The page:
If Hillary Clinton is elected president in November, the infamous Clinton Family Foundation will stop accepting foreign and corporate donations, Bill Clinton reportedly promised Thursday.
The former president allegedly made the announcement during a meeting with members of the foundation, the Associated Press reported.
"Bill Clinton said if Hillary Clinton wins the White House, the family's foundation would only accept contributions from U.S. citizens and independent charities," they reported. "He added the foundation will continue its work, but plans to refocus its efforts in a process that will take up to a year to complete."
Clinton also announced Thursday that no matter the outcome of the 2016 election, the organization's Clinton Global Initiative would hold its final meeting in September.
News that the foundation plans to turn down donations from foreign entities and corporations (depending on how the election shakes out) comes after allegations surfaced that the organization had some sort of pay-to-play scheme in place when Hillary Clinton served as secretary of state.
Though the Democratic nominee stepped down from the foundation's board when she launched her campaign in April 2015, Bill and Chelsea Clinton continue on in lead roles, keeping alive lingering questions about possible conflicts of interest and ethical dilemmas.
The concern has been shared by actors on both sides of the aisle.
The foundation is a "clear liability" for Clinton as she tries again to win the White House, the Boston Globe's editorial board said this week.
Though the Clinton-founded organization has "supported relief in Haiti, global health, and other good causes," it has also accepted a immense amount of cash from overseas, "including from foreign governments with troubling human rights records."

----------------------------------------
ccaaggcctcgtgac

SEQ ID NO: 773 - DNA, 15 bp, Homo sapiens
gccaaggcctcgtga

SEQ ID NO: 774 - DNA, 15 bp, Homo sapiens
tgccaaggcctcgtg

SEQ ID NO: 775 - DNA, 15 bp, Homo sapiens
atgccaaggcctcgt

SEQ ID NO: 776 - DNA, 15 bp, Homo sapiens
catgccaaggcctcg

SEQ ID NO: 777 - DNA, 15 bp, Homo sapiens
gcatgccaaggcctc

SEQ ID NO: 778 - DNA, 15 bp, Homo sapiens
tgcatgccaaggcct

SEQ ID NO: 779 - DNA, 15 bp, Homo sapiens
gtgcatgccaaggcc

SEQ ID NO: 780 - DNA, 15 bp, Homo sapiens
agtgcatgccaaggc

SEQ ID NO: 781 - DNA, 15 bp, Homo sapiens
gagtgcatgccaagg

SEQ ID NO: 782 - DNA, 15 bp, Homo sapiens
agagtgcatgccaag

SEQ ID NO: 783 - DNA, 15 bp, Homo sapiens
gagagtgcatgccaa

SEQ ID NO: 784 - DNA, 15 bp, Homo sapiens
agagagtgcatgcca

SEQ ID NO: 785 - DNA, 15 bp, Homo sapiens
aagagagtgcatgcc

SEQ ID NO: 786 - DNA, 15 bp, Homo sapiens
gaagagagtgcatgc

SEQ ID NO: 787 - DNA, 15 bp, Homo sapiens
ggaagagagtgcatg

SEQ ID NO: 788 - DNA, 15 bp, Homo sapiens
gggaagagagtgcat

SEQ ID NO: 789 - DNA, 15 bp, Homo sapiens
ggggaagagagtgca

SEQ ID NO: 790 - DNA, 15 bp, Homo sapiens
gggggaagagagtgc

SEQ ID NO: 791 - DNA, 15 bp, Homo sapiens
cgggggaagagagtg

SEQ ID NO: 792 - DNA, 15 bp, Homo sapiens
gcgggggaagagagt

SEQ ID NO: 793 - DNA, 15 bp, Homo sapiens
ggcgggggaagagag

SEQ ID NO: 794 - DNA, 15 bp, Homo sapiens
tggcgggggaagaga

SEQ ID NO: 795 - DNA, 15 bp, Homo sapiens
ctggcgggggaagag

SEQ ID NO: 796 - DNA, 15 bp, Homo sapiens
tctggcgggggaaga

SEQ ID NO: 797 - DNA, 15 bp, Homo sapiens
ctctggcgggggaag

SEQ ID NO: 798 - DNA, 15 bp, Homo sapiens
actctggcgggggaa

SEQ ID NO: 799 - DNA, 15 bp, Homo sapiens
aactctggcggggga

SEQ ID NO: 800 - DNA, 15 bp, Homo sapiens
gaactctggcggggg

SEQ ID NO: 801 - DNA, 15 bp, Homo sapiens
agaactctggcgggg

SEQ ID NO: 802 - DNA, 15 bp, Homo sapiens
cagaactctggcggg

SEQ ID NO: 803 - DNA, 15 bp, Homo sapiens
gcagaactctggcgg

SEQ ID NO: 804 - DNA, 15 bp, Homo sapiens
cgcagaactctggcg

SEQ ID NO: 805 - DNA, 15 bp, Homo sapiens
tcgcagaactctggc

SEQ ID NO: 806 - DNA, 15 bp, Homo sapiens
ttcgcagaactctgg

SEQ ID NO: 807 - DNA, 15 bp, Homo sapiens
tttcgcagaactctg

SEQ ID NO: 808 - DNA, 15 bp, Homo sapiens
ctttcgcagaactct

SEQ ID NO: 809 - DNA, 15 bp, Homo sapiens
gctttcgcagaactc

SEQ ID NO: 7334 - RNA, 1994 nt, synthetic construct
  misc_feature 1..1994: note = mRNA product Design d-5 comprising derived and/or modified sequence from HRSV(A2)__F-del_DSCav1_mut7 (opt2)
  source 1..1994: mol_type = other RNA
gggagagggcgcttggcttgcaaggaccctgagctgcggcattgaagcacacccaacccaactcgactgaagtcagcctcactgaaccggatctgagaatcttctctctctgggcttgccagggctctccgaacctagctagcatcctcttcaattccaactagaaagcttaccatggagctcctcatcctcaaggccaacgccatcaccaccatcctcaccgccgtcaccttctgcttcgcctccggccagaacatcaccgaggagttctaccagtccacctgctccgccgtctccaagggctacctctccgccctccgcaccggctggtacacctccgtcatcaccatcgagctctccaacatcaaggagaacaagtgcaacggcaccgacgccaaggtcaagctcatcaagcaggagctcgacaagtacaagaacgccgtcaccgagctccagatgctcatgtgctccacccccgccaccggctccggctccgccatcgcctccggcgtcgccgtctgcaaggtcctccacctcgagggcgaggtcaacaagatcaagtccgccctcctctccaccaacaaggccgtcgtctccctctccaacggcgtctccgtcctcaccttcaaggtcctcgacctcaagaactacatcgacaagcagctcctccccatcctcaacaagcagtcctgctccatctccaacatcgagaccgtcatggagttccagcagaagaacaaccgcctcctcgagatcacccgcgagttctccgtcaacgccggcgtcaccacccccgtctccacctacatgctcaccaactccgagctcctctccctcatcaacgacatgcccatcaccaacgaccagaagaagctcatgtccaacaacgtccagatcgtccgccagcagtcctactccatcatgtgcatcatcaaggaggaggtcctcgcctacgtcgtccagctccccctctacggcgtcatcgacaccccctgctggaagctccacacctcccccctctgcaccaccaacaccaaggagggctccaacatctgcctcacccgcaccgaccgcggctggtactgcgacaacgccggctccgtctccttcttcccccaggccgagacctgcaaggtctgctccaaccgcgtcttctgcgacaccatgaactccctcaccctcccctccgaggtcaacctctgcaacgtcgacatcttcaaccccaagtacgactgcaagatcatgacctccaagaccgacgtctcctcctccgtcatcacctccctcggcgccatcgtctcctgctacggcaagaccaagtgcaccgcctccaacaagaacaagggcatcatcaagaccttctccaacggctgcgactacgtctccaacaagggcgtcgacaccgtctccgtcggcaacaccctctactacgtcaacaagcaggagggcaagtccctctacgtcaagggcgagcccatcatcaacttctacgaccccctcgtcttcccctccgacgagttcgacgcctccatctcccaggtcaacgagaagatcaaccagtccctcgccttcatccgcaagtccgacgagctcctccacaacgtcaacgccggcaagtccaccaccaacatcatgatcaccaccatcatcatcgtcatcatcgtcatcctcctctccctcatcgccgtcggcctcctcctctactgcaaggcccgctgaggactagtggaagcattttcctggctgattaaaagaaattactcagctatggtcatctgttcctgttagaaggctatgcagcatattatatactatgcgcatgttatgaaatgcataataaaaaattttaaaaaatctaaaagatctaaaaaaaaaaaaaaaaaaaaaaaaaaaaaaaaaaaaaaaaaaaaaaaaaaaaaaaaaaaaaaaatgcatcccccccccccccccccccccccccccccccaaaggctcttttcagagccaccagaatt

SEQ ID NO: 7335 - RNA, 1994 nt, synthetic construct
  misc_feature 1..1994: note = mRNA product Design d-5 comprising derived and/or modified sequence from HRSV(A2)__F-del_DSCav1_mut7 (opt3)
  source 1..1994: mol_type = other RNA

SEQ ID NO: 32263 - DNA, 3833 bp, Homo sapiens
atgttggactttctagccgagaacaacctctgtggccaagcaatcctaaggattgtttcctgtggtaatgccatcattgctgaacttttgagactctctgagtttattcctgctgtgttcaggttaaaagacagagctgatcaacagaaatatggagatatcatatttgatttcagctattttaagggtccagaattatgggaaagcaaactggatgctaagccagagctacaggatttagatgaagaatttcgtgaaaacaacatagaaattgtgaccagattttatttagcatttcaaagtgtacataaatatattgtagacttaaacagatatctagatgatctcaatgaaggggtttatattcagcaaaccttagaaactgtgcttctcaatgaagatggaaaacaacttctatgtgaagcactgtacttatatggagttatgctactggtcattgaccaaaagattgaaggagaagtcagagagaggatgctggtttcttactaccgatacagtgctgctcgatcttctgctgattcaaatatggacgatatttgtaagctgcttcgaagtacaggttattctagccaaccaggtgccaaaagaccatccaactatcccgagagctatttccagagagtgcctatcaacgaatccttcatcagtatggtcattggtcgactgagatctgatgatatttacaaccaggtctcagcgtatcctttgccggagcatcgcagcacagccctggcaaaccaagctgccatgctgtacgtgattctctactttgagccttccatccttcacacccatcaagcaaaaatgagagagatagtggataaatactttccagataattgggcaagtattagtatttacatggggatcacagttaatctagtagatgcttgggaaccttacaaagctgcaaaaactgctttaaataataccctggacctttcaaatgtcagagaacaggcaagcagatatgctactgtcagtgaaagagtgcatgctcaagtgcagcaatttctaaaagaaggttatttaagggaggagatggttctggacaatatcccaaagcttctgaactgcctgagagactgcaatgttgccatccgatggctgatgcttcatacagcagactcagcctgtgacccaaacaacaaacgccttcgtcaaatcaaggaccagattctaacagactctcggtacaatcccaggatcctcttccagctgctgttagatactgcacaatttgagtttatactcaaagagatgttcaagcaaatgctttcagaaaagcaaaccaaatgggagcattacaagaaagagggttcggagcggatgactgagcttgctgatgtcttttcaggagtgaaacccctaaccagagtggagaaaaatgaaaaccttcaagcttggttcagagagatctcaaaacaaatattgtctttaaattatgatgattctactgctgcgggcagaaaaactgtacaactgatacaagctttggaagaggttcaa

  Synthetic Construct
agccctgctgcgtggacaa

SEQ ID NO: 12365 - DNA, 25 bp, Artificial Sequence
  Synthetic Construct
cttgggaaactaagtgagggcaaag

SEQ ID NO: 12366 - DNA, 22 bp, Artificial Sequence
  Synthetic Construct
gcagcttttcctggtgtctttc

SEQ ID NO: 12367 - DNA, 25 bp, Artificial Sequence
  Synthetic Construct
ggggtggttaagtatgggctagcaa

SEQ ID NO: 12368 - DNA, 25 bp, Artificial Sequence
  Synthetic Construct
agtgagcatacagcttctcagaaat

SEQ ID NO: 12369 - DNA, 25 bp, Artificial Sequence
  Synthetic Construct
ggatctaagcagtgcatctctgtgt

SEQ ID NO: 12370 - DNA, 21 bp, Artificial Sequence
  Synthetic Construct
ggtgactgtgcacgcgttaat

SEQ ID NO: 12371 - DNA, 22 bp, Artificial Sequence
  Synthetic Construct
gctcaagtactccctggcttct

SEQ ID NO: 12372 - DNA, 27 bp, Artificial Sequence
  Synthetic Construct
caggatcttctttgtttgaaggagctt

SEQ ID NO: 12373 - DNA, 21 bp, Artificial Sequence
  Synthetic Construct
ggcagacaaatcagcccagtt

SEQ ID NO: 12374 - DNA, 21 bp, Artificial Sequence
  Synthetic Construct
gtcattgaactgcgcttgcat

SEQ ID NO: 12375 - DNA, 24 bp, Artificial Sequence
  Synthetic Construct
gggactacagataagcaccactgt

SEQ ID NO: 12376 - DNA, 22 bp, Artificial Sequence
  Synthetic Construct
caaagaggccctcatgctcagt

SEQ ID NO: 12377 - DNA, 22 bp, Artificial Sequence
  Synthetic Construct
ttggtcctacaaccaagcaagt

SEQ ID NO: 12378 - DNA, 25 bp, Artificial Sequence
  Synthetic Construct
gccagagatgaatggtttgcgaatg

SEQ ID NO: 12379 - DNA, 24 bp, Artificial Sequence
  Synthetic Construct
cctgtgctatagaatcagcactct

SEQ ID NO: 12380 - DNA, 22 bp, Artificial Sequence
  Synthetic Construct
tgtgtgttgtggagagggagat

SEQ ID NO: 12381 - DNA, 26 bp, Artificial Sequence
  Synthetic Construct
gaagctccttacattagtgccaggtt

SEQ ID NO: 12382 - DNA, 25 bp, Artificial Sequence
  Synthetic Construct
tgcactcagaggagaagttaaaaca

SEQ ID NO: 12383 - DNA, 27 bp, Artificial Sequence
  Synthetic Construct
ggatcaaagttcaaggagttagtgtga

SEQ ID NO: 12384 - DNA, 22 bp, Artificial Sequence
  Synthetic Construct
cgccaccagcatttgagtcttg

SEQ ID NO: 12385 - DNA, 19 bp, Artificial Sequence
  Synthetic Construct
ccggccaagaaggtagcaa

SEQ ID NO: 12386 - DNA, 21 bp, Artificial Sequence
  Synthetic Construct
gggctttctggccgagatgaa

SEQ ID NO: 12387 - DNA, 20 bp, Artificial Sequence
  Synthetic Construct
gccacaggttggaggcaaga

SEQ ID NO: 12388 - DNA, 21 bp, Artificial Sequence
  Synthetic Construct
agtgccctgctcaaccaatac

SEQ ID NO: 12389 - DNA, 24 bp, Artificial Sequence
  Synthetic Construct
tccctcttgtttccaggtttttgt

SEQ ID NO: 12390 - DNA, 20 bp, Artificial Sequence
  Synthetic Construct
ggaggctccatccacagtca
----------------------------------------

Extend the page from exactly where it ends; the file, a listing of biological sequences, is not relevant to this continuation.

"The inherent conflict of interest was obvious when Hillary Clinton became secretary of state in 2009," the Globe's board wrote. "She promised to maintain a separation between her official work and the foundation, but recently released emails written by staffers during her State Department tenure make clear that the supposed partition was far from impregnable."
"That was bad enough at State; if the Clinton Foundation continues to cash checks from foreign governments and other individuals seeking to ingratiate themselves with a President Hillary Clinton, it would be unacceptable," they added.
The conflicts of interest that the foundation poses to Clintons seeking higher office seem apparent, even to former President Bill Clinton, who said in June, "There'll clearly be some changes in what the Clinton Foundation does and how we do it. We'll just have to cross that bridge when we come to it.
"Why wait?" the Globe's board asked. "The Clintons should move now to end donations to the foundation, and make plans to shut it down in November. Even if they've done nothing illegal, the foundation will always look too much like a conflict of interest for comfort."
Bill Clinton also promised Thursday that he would stop doing paid speaking engagements if Hillary Clinton wins this fall.
The former president hasn't given a paid speech since November 2015. The Clintons took in a combined $20 million in 2014 from speaking engagements.